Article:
An unconsolidated accumulation of stream‐deposited , including , , clays or .

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Aquifer (confined):

An aquifer that is bounded above and below by impermeable rock or sediment layers. There may or may not be enough pressure in the aquifer to make it an "artesian aquifer".

Aquifer (unconfined):

An aquifer that is not overlain by an impermeable rock unit. The water in this aquifer is under atmospheric pressure and is recharged by precipitation that falls on the land surface directly above the aquifer.


A that contains at least 25% . Easily recognized because the feldspar grains are typically pink and angular in shape.


A flat‐bottom gully with steep sides that is a channel for an intermittent stream.


A portion of the upper that is directly below the . A zone of low strength in the defines the top of the . This weak zone allows the plates of the lithosphere to slide across the top of the asthenosphere.


An ancient circular scar on Earth's surface produced by the impact of a or . Use our Google maps page to get close up images of these meteor impact structures.


A ‐shaped group of islands that are surrounded by deep water and that enclose a shallow lagoon.

General Dictionary of Geology

sides facing upwind and their steeply sloping concave sides facing downwind.

Barrier Island:

B A long, narrow island that parallels a shoreline.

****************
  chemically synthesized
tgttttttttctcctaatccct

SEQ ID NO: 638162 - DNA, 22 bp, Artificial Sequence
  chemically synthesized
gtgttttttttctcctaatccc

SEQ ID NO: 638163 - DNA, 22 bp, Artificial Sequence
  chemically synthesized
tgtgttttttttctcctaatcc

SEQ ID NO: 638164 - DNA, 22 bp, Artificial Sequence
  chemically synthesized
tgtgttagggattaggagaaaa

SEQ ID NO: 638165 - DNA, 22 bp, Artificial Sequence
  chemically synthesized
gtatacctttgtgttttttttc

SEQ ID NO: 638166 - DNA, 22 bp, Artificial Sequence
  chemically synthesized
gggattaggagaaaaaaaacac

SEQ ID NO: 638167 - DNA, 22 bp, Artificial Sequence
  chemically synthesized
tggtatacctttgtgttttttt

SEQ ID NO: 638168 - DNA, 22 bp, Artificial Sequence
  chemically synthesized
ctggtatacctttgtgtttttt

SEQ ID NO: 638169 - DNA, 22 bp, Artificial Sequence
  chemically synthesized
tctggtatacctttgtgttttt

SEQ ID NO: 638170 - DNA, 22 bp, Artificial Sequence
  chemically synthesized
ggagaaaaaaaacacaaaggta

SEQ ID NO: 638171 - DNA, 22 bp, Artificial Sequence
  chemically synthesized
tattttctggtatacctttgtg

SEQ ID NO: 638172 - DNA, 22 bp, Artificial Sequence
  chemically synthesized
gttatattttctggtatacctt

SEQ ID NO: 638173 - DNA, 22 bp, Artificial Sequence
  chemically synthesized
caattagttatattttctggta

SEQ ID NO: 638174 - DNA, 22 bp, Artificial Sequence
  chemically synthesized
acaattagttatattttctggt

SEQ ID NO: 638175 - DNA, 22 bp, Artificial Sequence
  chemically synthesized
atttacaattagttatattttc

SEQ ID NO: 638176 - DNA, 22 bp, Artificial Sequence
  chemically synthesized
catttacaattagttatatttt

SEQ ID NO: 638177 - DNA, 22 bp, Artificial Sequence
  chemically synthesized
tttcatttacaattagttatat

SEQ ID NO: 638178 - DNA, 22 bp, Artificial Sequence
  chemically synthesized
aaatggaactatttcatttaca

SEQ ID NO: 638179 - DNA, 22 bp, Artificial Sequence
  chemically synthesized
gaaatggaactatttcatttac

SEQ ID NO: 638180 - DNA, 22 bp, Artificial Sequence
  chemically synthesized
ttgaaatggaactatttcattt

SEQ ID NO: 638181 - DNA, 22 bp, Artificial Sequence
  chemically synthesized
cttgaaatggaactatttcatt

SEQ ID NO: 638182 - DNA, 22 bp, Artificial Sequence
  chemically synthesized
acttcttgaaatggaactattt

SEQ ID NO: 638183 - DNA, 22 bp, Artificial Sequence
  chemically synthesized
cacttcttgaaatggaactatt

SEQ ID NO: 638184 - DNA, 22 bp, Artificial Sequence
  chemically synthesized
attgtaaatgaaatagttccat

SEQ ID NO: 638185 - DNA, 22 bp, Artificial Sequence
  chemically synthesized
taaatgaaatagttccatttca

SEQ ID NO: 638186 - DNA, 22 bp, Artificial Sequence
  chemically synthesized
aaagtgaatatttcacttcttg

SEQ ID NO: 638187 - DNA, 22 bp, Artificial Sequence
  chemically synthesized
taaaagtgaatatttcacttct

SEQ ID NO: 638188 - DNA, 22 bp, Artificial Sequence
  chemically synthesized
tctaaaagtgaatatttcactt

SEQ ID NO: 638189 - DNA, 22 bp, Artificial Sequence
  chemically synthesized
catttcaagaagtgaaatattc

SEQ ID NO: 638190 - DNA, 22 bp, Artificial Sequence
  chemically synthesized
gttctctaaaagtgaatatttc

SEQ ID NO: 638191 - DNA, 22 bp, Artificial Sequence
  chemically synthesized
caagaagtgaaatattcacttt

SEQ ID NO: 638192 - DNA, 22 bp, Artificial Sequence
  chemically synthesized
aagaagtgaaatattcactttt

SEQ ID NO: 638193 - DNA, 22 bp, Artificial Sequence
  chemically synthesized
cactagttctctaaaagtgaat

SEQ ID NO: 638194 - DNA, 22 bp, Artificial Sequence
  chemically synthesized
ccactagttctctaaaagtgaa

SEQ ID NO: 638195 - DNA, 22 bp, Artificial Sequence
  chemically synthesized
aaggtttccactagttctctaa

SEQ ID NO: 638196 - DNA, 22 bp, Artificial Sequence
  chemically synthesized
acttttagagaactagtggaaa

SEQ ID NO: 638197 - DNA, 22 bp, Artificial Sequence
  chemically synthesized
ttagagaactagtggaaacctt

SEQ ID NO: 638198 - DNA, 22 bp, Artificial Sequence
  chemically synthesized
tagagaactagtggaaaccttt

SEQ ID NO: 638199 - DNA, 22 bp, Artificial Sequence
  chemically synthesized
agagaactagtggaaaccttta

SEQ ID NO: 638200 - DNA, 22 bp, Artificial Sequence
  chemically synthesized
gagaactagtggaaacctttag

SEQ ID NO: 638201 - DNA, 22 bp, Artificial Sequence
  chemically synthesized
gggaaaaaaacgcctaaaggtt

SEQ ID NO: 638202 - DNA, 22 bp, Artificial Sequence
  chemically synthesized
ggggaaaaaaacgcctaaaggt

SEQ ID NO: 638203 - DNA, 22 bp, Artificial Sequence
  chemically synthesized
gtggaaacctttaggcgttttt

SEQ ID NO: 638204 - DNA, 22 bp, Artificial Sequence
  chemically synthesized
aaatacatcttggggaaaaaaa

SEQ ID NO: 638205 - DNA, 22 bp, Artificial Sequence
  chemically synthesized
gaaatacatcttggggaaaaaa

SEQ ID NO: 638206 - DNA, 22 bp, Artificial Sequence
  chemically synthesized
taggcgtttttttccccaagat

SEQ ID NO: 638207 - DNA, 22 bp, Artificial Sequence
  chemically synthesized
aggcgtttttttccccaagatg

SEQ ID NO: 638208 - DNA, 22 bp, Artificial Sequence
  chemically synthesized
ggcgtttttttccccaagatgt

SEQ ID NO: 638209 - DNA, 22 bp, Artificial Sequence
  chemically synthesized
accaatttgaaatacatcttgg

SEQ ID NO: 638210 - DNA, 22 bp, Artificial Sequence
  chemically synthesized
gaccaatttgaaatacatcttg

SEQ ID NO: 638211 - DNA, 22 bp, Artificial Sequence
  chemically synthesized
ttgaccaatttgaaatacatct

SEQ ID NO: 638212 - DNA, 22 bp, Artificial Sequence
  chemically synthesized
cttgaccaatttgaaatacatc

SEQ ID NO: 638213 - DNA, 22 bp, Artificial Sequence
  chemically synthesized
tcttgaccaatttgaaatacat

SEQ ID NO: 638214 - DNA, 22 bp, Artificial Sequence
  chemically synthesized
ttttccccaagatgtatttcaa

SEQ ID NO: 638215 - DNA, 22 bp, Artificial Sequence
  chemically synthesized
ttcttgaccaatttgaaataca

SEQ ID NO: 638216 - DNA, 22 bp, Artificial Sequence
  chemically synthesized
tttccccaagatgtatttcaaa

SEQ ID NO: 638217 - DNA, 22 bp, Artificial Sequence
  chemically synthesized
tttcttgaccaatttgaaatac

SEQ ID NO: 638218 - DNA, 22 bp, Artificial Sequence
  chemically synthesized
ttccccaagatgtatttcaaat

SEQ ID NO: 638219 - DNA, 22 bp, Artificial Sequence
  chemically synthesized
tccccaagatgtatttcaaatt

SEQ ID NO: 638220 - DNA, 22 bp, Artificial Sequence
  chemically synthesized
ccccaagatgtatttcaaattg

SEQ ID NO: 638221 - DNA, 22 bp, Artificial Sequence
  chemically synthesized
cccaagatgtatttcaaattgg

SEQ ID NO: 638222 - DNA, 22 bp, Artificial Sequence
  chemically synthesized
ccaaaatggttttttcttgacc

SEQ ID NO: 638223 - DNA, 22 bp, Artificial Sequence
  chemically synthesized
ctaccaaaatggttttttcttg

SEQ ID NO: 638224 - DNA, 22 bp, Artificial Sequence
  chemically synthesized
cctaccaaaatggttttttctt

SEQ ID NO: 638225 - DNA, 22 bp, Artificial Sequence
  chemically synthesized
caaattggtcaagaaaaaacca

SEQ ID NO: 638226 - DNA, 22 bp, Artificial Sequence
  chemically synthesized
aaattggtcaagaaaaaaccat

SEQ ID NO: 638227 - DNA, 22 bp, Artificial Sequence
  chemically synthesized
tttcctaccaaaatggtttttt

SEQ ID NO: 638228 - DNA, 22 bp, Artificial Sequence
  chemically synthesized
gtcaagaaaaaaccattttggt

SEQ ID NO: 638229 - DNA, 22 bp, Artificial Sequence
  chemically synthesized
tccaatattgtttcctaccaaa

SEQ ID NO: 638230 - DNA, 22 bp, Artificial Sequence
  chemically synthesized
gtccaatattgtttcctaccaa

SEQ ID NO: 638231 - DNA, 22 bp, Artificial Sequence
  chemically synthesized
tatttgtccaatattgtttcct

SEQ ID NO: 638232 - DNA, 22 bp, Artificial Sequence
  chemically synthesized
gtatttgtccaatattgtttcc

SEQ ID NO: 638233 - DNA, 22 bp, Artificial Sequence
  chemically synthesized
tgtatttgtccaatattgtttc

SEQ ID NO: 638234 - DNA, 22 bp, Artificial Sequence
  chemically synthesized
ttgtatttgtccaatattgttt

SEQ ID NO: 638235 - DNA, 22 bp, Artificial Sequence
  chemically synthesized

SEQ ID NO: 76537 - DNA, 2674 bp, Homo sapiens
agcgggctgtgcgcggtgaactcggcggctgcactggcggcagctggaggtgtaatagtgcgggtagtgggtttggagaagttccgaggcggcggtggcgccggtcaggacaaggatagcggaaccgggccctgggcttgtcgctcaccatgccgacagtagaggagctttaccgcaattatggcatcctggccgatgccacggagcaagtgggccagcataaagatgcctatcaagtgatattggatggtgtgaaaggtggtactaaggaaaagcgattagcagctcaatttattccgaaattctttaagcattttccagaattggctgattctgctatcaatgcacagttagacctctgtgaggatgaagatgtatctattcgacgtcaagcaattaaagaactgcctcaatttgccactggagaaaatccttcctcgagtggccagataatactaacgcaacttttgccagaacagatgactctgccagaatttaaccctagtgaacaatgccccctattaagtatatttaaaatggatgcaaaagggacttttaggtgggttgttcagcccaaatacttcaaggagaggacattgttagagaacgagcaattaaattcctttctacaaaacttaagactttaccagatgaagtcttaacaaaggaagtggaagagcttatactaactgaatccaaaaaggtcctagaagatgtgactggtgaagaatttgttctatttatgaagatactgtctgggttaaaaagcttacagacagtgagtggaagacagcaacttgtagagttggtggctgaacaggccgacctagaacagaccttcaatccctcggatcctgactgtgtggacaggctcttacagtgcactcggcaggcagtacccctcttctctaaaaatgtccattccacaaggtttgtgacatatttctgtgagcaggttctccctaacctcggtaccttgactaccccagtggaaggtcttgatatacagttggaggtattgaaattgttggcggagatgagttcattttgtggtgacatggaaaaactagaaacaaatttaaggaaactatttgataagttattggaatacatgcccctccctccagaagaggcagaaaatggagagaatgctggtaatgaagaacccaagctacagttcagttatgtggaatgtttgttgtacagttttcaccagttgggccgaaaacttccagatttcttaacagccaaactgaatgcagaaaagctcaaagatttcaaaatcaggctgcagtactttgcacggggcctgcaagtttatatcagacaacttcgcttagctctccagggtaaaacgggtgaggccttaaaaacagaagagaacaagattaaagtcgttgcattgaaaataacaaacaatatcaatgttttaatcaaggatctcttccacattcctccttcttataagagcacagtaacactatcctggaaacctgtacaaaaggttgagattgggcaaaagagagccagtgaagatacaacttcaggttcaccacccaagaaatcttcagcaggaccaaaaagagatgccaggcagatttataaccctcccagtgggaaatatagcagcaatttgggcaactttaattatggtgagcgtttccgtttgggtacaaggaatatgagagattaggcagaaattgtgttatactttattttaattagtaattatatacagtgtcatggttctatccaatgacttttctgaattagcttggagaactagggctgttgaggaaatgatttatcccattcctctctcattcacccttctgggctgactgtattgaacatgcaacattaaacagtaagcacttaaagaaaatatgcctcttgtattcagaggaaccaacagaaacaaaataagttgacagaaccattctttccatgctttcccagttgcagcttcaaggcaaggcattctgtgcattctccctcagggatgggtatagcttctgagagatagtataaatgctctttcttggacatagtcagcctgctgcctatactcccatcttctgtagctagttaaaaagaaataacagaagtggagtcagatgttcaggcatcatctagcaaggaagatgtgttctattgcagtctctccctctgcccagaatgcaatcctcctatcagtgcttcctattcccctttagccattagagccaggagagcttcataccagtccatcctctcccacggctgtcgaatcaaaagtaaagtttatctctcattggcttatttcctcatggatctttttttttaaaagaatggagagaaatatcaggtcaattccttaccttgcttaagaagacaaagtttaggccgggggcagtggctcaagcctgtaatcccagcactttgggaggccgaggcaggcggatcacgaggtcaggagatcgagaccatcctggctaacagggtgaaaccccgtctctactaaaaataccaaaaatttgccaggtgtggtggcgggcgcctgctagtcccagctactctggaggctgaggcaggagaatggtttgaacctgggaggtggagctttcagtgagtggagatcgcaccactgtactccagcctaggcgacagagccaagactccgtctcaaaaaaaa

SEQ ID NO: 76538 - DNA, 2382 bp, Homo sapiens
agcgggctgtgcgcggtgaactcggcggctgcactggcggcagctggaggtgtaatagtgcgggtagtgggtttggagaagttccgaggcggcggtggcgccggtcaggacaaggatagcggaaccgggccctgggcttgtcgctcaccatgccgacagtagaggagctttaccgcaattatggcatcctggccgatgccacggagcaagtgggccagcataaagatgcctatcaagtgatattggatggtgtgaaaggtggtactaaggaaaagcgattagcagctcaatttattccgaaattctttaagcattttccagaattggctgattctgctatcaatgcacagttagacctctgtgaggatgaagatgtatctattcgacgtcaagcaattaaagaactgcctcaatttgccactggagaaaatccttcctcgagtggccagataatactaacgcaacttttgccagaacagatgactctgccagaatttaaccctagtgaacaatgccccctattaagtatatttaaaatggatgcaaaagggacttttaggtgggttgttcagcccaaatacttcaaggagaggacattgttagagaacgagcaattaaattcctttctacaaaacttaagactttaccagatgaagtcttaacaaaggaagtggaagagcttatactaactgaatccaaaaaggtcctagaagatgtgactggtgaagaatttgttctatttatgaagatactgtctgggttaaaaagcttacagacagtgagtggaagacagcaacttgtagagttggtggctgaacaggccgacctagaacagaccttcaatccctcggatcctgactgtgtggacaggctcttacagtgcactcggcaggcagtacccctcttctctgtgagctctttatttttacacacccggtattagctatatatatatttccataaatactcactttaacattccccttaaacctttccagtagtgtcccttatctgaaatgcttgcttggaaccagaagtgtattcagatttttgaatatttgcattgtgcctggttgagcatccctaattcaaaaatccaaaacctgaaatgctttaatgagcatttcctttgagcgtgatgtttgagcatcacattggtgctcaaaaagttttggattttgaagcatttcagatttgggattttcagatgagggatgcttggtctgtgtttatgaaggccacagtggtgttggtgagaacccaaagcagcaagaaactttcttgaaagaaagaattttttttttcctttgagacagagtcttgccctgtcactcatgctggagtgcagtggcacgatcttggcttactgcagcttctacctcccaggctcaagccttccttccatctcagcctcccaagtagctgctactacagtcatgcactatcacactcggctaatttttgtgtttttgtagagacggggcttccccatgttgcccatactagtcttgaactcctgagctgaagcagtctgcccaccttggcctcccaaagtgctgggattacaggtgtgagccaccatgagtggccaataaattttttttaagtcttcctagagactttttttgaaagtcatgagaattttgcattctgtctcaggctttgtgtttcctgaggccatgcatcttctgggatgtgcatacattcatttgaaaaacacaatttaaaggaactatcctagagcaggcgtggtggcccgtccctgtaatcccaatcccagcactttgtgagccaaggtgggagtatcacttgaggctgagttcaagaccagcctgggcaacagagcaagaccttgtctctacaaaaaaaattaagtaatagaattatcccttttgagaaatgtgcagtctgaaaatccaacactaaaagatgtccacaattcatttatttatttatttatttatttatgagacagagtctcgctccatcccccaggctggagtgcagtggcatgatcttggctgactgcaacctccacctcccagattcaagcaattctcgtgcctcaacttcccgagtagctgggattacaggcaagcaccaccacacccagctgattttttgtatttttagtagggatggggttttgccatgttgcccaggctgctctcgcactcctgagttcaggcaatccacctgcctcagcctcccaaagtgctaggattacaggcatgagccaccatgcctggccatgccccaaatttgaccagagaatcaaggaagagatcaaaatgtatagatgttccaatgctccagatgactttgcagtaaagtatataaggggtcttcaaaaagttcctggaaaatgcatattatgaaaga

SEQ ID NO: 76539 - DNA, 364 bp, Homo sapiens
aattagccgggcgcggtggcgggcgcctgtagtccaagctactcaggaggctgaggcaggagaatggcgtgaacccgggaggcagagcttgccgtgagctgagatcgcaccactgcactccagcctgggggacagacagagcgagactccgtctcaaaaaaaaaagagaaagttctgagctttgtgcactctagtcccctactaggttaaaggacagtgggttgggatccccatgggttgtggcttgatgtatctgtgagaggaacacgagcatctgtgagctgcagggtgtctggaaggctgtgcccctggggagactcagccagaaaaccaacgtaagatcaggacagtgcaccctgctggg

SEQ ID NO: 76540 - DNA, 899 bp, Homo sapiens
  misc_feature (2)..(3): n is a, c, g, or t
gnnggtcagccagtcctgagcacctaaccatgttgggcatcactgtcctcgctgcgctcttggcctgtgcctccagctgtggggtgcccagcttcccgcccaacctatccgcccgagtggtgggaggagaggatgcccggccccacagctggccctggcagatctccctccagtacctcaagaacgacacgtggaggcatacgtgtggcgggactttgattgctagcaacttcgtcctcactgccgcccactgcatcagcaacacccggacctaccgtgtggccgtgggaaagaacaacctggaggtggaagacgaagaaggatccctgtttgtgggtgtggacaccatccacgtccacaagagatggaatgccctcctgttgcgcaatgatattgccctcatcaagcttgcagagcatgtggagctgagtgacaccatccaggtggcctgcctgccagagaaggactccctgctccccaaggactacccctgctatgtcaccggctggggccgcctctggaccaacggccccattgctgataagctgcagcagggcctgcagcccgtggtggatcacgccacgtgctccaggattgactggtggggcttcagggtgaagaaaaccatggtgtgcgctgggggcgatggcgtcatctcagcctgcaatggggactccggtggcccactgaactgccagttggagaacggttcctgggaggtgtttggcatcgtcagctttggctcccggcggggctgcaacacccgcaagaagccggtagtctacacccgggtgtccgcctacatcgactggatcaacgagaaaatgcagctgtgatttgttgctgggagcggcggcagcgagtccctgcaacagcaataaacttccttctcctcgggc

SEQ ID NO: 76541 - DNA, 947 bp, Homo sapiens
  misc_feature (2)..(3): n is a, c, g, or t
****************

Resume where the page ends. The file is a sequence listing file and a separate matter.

Backwash: :

The seaward rush of water down a that occurs with A dark‐colored fine‐grained extrusive igneous rock a receding wave. composed largely of feldspar and . Similar in composition to . Basalt is thought to be one of the main components of oceanic . Banded :

A rock that consists of alternating layers of and iron Flow: (usually ) with the iron oxide in high enough concentration to be of economic value. Water that seeps into a stream through a permeable rock or sediment unit that in the bottom or banks of the stream. Bankfull Stage:

A height of water in a stream that completely fills the Base Level: natural channel. If the water rises any higher a flood will occur. The lower limit of by a stream. Sea level is the ultimate base level. However, can serve as a temporary base level in upstream areas. Bank Storage:

Water that seeps into the ground along the banks of a : stream during a time of high flow. This loss of water into the ground slightly reduces the height that the stream will The igneous and metamorphic rocks that exist below the attain and then slowly seeps into the stream as the high oldest sedimentary cover. In some areas such as shields water level subsides ‐ hence the term "bank storage". the basement rocks may be exposed at the surface.